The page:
“The vessel will remain out of service for the winter and the marine highway system will assess options for future use of the vessel when it looks at the results of the marine highway system economic restructuring analysis,” Alaska Marine Highway System spokesperson Aurah Landau said in a statement to CoastAlaska.
The 418-foot ferry primarily serves Lynn Canal communities and through the Inside Passage to Ketchikan; Prince Rupert, British Columbia; and Bellingham, Washington.
Landau said the MV Malaspina and MV Matanuska are expected to substitute for the larger vessel for a projected monthly cost savings of around $400,000.
“The M/V Columbia is more expensive to operate than other vessels that can substitute for it,” she wrote in a followup statement Tuesday.
The state plans to assign the ferry’s 62 crew members to other vessels. The head of the ferry system’s largest union said the 45-year-old vessel is popular with workers and passengers alike.
“They call her the ‘queen of the fleet.’ She’s a beautiful ship,” Inlandboatmen’s Union regional director Trina Arnold said Monday. “A lot of the crew members that work there, they’re out there half their life.”
Arnold said there’s concern among ferry workers that continued cost-cutting will make it difficult for the marine highway to fulfill its core mission of connecting communities as the fleet continues to shrink.
“It just feels like we’ve already lost the Taku, we lost the Fairweather and the Chenega,” Arnold said, “and it just seems like we keep losing a vessel, and the communities are hurting for that.”
The Taku was sold for scrap last year. The fast ferries Fairweather and Chenega are in the process of being surplussed and sold.
The Legislature appropriated about $40 million less to the ferry system compared to last year. But it’s not yet known where in the system those cuts will have the biggest impact.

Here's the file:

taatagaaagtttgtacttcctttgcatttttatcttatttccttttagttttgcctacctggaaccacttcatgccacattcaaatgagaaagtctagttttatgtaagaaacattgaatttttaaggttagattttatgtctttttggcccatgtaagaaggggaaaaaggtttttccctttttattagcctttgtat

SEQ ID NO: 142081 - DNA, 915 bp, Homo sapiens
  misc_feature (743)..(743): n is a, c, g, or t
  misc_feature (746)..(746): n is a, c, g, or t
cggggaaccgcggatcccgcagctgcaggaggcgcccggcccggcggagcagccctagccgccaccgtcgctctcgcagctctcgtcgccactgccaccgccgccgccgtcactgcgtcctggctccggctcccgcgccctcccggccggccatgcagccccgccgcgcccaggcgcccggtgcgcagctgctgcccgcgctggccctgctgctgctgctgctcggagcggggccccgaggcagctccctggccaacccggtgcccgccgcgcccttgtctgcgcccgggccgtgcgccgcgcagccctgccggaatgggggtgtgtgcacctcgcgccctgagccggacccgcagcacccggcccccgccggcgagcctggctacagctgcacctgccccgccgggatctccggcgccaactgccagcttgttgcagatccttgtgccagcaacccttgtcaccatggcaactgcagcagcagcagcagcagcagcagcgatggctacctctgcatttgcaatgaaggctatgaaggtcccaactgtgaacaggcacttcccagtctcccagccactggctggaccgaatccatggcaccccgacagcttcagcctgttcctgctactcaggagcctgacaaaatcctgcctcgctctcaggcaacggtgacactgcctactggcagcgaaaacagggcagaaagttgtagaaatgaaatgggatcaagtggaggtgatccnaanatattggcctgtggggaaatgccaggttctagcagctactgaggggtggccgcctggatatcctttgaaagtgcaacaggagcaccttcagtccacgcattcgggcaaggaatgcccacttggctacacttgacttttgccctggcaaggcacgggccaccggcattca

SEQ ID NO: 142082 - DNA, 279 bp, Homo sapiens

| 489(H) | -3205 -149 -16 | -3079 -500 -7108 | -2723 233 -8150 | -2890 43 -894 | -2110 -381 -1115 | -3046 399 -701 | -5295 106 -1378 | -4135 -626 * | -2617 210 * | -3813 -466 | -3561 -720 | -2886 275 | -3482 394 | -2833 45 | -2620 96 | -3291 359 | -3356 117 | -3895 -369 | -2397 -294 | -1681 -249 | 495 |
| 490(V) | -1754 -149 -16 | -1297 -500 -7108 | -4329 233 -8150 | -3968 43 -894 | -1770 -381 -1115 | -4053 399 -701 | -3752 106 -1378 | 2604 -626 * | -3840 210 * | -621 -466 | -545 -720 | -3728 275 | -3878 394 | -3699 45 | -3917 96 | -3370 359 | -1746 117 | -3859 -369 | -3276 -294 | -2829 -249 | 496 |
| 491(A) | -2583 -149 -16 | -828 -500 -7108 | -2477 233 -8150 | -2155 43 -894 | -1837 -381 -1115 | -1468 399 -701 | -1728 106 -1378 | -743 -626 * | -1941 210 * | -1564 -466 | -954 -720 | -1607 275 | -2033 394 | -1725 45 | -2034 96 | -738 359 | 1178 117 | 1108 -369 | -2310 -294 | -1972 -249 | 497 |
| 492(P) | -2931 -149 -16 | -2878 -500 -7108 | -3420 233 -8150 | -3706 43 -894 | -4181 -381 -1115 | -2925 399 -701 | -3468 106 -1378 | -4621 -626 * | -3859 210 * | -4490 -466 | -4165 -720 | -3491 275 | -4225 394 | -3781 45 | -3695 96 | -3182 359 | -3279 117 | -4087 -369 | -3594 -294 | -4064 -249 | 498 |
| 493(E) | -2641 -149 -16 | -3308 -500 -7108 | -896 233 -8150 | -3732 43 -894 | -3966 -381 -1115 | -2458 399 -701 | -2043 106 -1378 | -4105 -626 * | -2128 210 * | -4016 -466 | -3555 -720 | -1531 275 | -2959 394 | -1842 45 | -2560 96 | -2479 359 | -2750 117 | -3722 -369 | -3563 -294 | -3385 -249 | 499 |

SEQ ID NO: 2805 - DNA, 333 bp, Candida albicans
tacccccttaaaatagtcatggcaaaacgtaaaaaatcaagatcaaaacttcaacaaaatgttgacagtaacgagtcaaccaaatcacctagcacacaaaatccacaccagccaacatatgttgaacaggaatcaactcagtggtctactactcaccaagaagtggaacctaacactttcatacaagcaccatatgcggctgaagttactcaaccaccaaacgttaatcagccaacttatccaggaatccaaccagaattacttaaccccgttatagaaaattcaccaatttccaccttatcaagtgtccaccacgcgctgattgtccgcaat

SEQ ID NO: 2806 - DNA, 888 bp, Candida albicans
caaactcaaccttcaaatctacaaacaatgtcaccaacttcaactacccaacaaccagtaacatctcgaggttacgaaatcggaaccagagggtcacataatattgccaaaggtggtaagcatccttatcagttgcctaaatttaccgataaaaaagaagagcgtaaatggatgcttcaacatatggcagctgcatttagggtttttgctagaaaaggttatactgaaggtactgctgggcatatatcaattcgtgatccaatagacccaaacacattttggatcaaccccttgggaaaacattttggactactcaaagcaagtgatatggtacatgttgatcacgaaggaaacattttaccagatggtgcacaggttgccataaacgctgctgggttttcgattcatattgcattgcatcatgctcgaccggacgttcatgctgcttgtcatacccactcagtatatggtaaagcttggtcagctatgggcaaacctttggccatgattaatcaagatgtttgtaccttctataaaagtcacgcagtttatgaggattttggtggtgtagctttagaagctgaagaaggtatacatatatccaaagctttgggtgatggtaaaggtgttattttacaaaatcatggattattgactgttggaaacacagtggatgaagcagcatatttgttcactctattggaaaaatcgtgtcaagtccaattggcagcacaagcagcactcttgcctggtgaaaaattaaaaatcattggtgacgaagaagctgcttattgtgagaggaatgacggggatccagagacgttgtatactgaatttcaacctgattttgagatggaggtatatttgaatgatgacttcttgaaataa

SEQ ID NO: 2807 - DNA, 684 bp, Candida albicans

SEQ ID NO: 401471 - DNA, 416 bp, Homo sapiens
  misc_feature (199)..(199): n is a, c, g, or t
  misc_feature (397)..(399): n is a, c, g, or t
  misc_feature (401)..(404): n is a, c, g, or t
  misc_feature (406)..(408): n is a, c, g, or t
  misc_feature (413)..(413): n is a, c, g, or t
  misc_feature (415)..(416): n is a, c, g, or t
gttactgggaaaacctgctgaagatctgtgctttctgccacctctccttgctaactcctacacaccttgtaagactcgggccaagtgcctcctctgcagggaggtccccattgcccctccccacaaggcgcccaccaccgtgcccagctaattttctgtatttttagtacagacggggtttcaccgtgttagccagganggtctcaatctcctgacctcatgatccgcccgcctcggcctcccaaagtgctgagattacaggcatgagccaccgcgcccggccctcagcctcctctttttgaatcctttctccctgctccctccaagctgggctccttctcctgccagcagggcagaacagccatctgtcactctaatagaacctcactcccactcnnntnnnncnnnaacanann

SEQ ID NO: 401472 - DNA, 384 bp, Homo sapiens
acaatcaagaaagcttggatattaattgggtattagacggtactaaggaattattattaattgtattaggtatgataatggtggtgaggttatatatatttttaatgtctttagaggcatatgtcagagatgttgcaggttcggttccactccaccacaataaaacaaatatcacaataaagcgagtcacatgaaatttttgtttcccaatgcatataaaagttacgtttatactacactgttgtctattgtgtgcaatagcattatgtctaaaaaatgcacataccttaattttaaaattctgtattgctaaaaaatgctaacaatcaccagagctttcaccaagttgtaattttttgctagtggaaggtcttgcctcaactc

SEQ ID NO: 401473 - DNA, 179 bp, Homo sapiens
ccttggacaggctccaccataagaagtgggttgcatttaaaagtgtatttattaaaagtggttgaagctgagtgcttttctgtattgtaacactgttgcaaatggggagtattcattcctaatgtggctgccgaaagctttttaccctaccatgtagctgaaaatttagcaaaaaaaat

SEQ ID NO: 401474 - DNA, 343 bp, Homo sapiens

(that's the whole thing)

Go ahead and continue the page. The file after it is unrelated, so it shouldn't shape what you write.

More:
This story has been updated with additional comments from Alaska Marine Highway System spokesperson Aurah Landau.
Alaska has a lot going on right now.
Never miss the important parts with insightful (and entertaining) news from The Signal, the best weekly Alaska news email.
- Despite the risk of a landslide, Gee Denton refuses to leave her house. “I've had to spend five-and-a-half years in this season of my life begging for people to be responsible for their responsibilities,” she says.
- Former assistant public advocate Kelly Parker filed the lawsuit in Anchorage Superior Court on Oct. 8 against Gov. Mike Dunleavy, his former chief of staff Tuckerman Babcock, and the state of Alaska.
Can high school teams in Southeast Alaska compete with rivals on the North Slope? With esports, it’s possible.Esports is growing in many high schools across Alaska. The sport was sanctioned by the the Alaska School Activities Association in April, and more and more students are getting involved.
- The Army Corps of Engineers says it has sufficient information to rule on a permit for a floating megaship dock in Ward Cove. That’s despite requests from the city of Ketchikan to hold hearings.